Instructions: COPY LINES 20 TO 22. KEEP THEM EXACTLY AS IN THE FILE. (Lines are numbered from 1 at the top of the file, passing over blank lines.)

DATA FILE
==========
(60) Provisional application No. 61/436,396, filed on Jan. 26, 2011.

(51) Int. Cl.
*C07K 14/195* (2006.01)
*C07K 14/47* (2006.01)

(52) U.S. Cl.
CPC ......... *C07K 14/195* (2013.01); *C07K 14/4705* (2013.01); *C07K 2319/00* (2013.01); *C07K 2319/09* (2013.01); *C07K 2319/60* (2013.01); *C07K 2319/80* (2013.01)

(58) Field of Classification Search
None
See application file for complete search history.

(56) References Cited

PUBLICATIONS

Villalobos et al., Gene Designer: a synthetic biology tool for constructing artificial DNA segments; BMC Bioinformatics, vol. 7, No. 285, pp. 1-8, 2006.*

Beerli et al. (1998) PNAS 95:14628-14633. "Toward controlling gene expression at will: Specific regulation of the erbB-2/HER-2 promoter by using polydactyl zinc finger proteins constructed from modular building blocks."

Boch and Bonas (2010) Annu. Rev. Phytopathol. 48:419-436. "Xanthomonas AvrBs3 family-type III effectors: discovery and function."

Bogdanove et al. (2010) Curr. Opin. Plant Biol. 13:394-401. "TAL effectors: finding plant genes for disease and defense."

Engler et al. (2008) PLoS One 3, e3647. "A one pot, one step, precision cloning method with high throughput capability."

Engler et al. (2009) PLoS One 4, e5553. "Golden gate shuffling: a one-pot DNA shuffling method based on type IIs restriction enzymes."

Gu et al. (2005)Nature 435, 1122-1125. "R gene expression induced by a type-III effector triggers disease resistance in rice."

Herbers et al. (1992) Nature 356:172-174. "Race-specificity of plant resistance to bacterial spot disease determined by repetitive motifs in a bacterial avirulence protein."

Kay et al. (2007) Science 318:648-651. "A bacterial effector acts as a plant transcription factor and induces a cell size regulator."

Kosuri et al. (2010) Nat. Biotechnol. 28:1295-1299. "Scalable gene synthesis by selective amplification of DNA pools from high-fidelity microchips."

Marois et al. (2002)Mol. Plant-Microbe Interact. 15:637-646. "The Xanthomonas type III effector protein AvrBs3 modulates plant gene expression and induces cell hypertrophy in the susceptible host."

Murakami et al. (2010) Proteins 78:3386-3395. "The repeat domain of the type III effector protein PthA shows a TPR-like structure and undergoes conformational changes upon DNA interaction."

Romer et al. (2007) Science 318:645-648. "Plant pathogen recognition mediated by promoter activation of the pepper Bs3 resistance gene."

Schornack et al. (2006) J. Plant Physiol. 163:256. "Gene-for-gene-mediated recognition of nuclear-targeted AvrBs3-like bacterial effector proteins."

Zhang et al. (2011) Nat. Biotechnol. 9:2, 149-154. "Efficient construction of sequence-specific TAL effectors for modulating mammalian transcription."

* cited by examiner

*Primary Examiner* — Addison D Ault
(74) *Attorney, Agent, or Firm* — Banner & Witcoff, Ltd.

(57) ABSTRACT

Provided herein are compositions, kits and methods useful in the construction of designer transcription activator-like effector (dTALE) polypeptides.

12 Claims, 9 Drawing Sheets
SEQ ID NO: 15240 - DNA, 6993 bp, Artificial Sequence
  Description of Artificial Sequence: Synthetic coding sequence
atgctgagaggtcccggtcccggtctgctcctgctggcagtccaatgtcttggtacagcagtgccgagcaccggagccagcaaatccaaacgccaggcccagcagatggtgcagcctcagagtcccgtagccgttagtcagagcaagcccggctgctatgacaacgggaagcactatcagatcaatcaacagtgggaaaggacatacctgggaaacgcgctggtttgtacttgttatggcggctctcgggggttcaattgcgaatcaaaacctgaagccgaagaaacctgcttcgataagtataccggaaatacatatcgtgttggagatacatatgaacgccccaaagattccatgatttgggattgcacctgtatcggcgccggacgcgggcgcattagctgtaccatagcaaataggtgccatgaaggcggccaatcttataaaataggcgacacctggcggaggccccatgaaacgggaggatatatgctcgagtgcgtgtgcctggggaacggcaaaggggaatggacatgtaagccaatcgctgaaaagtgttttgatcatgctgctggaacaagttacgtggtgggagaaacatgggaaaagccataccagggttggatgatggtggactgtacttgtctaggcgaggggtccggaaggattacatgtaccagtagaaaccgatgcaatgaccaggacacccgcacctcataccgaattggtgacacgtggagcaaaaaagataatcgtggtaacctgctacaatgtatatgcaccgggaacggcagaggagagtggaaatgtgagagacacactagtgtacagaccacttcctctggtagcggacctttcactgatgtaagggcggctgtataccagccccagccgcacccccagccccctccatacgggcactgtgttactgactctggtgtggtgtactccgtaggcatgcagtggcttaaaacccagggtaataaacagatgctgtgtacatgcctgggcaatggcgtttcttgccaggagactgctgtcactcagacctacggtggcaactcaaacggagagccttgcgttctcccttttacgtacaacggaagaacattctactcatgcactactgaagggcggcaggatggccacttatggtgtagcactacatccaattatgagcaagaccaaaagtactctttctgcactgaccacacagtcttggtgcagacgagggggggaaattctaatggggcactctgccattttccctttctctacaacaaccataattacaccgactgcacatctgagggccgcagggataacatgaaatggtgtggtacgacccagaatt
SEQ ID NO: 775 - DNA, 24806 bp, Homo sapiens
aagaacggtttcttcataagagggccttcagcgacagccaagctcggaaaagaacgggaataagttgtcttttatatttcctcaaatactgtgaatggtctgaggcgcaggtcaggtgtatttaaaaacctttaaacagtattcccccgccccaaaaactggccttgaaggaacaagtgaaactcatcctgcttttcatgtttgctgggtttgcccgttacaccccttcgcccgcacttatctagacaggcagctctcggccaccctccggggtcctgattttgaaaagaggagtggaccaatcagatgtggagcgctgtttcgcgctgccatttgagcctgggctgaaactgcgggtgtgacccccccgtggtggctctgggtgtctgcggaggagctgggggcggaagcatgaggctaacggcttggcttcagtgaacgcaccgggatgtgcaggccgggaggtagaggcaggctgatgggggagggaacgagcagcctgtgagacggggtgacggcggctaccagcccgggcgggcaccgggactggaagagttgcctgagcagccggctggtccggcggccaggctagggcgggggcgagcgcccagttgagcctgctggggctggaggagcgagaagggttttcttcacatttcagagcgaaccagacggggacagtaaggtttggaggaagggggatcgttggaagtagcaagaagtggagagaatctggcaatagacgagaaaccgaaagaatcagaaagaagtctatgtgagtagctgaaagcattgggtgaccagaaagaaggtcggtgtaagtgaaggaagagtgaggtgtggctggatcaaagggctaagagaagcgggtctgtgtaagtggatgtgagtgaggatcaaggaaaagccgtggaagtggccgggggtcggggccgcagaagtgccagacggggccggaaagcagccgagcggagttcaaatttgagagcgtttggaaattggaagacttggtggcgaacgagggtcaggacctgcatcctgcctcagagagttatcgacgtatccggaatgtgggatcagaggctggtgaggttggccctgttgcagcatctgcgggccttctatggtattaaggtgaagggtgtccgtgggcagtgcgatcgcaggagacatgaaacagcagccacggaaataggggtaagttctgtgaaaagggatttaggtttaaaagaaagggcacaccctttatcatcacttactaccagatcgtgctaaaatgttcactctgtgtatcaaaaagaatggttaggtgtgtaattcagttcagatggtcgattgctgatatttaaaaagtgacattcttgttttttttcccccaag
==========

Kay et al. (2007) Science 318:648-651. "A bacterial effector acts as a plant transcription factor and induces a cell size regulator."

Kosuri et al. (2010) Nat. Biotechnol. 28:1295-1299. "Scalable gene synthesis by selective amplification of DNA pools from high-fidelity microchips."

Marois et al. (2002)Mol. Plant-Microbe Interact. 15:637-646. "The Xanthomonas type III effector protein AvrBs3 modulates plant gene expression and induces cell hypertrophy in the susceptible host."